Armes v Nottinghamshire County Council: what does this judgment mean for local authorities?

Ceri-Sian Williams, Browne Jacobson

The case

The Appellant had been abused by foster parents but the abuse was not as a result of any negligence on the part of the local authority.

The Supreme Court was asked to adjudicate on whether the local authority should nonetheless be obliged to compensate the Appellant for the abuse?

The Appellant’s case was that the local authority was liable because it owed her a non-delegable duty of care and/or because it was vicariously liable for the foster parents’ deliberate wrongful acts.

Non-delegable duty

The court unanimously found that a non-delegable duty did not exist because:

  1. Parents are not under a duty to ensure that reasonable care is taken by everyone to whom they entrust the safety of their child
  2. There would be a risk of conflict between a local authority’s duty to give first consideration to the need to safeguard and promote the welfare of the child and a local authority’s interest in avoiding liability if a child was placed with its family and friends and there was a want of care by that child’s family and friends
  3. If a duty existed it would make a local authority strictly liable for tortious acts by the child’s parents or relatives if the child was living with them
  4. If such a duty was found it would mean that the duties imposed on a local authority by the Boarding-Out Regulations did not materially add to the local authority’s obligations
  5. A local authority discharges its obligation to provide accommodation and maintenance by the placement of the child – and does not delegate that duty to the persons with whom the child is placed.

The finding in this case that a local authority discharges and does not delegate its duty by the placement of looked after children should be an answer to claims for non-delegable duty with regard to children in care from this point on.

Lord Reed said that “I cannot agree that a non-delegable duty cannot be breached by a deliberate wrong” so it is still open to individuals to argue that a non-delegable duty arises in other situations where a deliberate assault is alleged.

Vicarious liability

It seems that part of the rationale for resisting a non-delegable duty of care was to avoid a conflict between the best interests of a local authority and the best interests of a child but that same rationale was dismissed when considering whether the local authority should be found vicariously liable. The majority of the court found that vicarious liability did arise because:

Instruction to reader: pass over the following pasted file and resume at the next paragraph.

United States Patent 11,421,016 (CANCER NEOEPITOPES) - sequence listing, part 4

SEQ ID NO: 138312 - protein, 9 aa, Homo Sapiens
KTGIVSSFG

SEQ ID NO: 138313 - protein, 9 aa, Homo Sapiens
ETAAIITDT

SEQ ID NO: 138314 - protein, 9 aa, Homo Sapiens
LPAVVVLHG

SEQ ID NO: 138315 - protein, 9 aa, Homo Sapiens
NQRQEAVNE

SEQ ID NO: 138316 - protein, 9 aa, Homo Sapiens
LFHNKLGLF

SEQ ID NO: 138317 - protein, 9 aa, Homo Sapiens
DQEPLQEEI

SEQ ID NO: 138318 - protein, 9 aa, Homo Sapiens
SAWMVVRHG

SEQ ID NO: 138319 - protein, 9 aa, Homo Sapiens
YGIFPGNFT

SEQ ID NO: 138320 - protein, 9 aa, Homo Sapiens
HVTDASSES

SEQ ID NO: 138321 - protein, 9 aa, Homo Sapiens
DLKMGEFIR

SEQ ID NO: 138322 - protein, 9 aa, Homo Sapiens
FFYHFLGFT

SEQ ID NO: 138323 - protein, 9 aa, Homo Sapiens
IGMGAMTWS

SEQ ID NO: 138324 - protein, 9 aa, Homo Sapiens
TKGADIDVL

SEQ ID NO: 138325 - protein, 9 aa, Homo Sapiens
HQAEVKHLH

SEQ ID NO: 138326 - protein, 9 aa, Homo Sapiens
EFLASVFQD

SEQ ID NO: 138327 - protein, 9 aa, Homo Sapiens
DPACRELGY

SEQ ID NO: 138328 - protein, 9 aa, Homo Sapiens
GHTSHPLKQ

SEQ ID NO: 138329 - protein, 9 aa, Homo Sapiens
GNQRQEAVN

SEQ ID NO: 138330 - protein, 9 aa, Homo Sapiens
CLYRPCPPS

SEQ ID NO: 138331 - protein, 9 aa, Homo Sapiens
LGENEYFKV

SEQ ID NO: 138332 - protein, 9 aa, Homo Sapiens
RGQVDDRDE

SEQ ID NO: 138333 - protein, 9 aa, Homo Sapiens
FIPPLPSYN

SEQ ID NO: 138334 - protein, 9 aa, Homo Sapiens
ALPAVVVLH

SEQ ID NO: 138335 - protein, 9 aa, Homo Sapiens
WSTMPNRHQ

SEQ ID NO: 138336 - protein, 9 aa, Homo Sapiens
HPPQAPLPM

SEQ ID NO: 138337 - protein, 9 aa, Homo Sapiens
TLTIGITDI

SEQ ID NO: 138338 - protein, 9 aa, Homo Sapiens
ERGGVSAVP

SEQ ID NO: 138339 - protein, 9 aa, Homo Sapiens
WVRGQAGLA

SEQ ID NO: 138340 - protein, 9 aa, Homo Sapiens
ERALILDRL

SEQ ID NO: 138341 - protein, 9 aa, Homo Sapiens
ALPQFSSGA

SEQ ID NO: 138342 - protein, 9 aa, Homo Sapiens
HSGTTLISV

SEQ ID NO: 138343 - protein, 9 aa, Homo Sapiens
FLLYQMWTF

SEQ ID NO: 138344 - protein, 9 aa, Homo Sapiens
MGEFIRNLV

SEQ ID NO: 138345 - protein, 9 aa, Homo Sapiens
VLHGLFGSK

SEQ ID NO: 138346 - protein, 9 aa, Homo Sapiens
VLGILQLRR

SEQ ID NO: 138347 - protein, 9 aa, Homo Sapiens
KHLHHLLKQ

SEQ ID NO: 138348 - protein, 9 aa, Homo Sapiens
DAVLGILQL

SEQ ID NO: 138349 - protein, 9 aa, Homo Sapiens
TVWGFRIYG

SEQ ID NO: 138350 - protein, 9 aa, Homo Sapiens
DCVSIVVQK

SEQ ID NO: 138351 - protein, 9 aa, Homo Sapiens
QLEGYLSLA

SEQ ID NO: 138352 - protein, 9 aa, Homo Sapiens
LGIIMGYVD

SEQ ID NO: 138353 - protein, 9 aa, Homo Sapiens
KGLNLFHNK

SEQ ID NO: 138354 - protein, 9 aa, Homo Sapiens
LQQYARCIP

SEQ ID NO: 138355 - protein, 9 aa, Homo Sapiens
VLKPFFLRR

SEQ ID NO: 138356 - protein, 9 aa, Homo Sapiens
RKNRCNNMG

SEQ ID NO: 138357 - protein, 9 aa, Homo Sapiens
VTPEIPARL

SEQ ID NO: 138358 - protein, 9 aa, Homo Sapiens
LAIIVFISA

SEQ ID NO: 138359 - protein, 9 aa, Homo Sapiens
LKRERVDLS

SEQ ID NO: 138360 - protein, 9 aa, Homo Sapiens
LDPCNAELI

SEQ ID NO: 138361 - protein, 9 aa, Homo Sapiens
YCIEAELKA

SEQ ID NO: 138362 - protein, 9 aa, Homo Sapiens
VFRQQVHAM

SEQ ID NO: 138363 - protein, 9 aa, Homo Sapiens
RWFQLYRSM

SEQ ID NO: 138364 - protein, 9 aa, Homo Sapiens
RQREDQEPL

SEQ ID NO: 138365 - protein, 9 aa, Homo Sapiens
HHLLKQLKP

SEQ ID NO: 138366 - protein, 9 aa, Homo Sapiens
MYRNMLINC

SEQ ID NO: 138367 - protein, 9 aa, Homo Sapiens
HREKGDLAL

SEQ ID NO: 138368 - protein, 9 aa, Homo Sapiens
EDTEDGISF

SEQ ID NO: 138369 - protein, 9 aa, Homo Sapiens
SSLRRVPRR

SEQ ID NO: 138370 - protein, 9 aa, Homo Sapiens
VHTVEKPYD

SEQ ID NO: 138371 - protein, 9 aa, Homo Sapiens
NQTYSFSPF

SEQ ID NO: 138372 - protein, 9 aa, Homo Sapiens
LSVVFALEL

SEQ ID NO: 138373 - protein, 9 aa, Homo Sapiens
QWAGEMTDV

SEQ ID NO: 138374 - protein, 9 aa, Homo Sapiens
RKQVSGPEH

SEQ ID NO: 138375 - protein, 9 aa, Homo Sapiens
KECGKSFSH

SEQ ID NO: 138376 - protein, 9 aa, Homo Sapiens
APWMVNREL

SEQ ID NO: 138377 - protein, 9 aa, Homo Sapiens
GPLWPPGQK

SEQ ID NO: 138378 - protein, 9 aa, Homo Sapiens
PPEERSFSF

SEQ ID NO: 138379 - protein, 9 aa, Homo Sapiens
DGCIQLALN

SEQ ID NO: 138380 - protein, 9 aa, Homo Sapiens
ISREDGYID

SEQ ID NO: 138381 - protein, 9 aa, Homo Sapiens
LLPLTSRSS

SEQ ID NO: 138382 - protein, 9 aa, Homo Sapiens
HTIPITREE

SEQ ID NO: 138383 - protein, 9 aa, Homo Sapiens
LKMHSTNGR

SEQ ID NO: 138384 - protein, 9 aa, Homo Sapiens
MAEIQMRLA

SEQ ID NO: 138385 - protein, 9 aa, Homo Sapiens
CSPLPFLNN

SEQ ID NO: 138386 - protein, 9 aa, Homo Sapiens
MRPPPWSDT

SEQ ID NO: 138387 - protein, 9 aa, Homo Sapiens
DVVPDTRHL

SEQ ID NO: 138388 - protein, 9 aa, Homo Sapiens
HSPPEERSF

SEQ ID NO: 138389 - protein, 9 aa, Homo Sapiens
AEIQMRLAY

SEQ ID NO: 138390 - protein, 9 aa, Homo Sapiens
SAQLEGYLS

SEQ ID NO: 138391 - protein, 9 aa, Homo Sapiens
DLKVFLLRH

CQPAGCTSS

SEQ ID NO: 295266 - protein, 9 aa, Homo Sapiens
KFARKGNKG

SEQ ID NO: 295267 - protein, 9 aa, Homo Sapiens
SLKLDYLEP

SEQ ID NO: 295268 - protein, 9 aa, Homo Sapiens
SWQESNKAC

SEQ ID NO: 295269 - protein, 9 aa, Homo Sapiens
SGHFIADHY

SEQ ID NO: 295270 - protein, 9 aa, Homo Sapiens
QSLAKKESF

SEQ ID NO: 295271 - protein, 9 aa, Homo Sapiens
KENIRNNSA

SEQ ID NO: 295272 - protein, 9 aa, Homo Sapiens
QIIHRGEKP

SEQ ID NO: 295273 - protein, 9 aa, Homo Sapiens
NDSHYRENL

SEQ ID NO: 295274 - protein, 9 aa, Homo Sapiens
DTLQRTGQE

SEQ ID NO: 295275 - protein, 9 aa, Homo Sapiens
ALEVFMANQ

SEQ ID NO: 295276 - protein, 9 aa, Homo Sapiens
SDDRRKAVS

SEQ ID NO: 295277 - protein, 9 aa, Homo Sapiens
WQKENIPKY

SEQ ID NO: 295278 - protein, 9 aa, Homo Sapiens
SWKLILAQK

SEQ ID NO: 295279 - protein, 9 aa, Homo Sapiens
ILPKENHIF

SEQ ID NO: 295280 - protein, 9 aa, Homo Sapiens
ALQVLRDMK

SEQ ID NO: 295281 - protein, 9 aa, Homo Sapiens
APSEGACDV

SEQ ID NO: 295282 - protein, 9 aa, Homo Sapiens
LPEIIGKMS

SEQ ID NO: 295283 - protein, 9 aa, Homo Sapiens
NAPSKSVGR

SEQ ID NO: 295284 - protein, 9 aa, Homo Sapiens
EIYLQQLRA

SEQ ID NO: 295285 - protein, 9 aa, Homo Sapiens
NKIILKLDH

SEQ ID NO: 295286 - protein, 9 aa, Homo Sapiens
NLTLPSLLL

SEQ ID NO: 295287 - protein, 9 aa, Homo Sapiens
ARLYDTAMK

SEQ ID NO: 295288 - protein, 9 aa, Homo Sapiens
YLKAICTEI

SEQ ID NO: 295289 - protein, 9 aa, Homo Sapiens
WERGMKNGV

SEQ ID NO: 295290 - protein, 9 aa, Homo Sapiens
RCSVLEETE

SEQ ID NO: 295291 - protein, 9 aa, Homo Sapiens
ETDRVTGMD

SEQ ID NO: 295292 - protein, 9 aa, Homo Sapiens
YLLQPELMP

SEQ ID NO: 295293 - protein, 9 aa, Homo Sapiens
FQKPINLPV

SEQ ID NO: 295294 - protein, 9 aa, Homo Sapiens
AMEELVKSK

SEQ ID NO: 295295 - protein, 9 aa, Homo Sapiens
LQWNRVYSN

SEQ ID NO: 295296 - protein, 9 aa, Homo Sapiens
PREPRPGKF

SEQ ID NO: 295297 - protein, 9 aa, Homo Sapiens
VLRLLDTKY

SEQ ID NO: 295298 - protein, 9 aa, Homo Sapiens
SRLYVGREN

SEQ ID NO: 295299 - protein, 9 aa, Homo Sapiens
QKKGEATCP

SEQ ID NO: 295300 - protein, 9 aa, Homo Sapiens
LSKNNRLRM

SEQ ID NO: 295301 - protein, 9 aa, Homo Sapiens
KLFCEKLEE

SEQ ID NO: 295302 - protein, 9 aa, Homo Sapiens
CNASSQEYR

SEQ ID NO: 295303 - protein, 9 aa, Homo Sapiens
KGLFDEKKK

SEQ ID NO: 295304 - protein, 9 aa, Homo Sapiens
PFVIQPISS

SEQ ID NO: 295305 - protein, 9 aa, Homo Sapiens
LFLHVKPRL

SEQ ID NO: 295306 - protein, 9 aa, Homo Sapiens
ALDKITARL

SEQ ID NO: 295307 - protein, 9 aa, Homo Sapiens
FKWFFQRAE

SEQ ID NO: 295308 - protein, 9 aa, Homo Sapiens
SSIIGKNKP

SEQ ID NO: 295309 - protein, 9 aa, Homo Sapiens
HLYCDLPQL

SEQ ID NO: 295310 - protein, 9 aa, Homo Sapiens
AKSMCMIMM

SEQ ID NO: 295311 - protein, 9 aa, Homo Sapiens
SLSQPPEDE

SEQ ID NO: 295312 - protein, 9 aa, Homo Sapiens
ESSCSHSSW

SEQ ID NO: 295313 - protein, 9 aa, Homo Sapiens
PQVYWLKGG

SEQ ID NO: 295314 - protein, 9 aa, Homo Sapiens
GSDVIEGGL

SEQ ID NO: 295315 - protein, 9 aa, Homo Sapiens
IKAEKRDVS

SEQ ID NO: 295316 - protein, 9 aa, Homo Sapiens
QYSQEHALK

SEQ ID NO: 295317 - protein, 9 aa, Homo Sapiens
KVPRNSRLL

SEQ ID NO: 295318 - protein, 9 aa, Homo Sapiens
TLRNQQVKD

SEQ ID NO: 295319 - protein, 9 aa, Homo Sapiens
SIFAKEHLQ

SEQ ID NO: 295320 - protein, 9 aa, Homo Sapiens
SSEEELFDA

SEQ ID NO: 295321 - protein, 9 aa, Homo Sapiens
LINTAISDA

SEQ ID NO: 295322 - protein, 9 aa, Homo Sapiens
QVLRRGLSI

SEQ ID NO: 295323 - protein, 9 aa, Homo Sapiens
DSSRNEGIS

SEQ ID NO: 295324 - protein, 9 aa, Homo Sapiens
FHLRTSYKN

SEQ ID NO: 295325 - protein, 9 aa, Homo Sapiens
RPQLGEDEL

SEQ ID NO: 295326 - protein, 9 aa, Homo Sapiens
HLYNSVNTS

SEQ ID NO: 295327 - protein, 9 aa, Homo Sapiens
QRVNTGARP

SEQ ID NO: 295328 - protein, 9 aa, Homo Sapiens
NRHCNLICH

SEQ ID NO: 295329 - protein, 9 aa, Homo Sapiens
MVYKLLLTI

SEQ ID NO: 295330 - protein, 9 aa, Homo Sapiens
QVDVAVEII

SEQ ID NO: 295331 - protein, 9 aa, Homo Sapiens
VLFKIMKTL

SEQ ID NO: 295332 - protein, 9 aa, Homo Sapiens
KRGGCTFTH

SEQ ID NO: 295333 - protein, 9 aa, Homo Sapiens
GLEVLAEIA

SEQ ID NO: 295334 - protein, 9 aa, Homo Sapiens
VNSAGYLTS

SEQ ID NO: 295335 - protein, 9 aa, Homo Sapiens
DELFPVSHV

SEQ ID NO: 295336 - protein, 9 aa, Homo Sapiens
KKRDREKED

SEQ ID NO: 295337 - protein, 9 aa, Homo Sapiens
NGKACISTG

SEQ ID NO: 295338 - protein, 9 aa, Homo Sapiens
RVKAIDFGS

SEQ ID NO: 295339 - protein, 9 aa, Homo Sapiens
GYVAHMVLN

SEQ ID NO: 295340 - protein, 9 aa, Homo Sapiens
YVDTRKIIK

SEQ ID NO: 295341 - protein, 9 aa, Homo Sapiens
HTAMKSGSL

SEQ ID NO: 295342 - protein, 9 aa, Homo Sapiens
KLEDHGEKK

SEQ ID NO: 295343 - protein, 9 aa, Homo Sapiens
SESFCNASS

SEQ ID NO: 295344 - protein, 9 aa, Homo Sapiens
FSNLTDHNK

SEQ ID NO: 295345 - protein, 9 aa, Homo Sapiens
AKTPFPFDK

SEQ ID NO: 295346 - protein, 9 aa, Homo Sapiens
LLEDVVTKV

1. The local authority exercised sufficient control over the foster parents. It recruited, selected and trained them
  2. The burden of the risk borne in the general interest should be shared rather than being borne solely by the victims
  3. The local authority had the means/insurance to pay claims
  4. It was not accepted that the finding of vicarious liability would discourage foster placements
  5. If abuse is widespread, its exposure might encourage more adequate vetting and supervision
  6. There is a cost to society if vulnerable children are not protected (calls on the criminal justice and mental health systems)
  7. However, the majority also confirmed that vicarious liability would not apply if the abuse had been perpetrated by the child’s parents in the event that the child had been placed with them (the local authority would not have recruited, selected or trained the parents).

What does this judgment mean for local authorities?

It may take some time for the consequences of the judgment to take effect. Possible consequences could be:

  1. Support for the argument made by foster parents that they are ‘workers’ entitled to all the employment rights that come with worker status. If such a finding was made in the English employment tribunal, a local authority will not only have to find resources to pay foster parents but also resources to then compensate those abused by them.
  2. An influx of claims alleging vicarious liability for abuse by foster parents. However, many of these claims would have been brought in negligence anyway. As there will now be a narrower factual enquiry to prove a claim, subject to any limitation argument available to a local authority, any increase in the number of claims will be offset by a costs saving.
  3. Claims being advanced for vicarious liability for kinship foster placements where family members have been assessed and approved as foster parents by a local authority to enable them to access financial support to care for their relative but who are not ‘classic’ local authority foster parents.
  4. Local authorities may take a greater interest in making a recovery against foster parents in circumstances where abuse is proven, and they have assets to reimburse a local authority’s outlay.
  5. Local authorities and their insurers will need to consider the details of arrangements with private fostering agencies to understand where the potential liabilities for abuse by those foster parents retained by the private agency would lie.

Lord Hughes, dissenting, considered that “the extension of strict liability needs careful justification”. But the doctrine of vicarious liability has seen significant movement over the past decade or so and the courts have been willing to incrementally extend the principle from a traditional employer/employee relationship to one which was ‘akin to employment’ or which had similarities to employment. To date this has included religious organisations, lay preachers, the prison service, banks, and now foster parents. With evolving workforce models in many sectors, it appears that the trend of expansion within the law of vicarious liability is set to continue.

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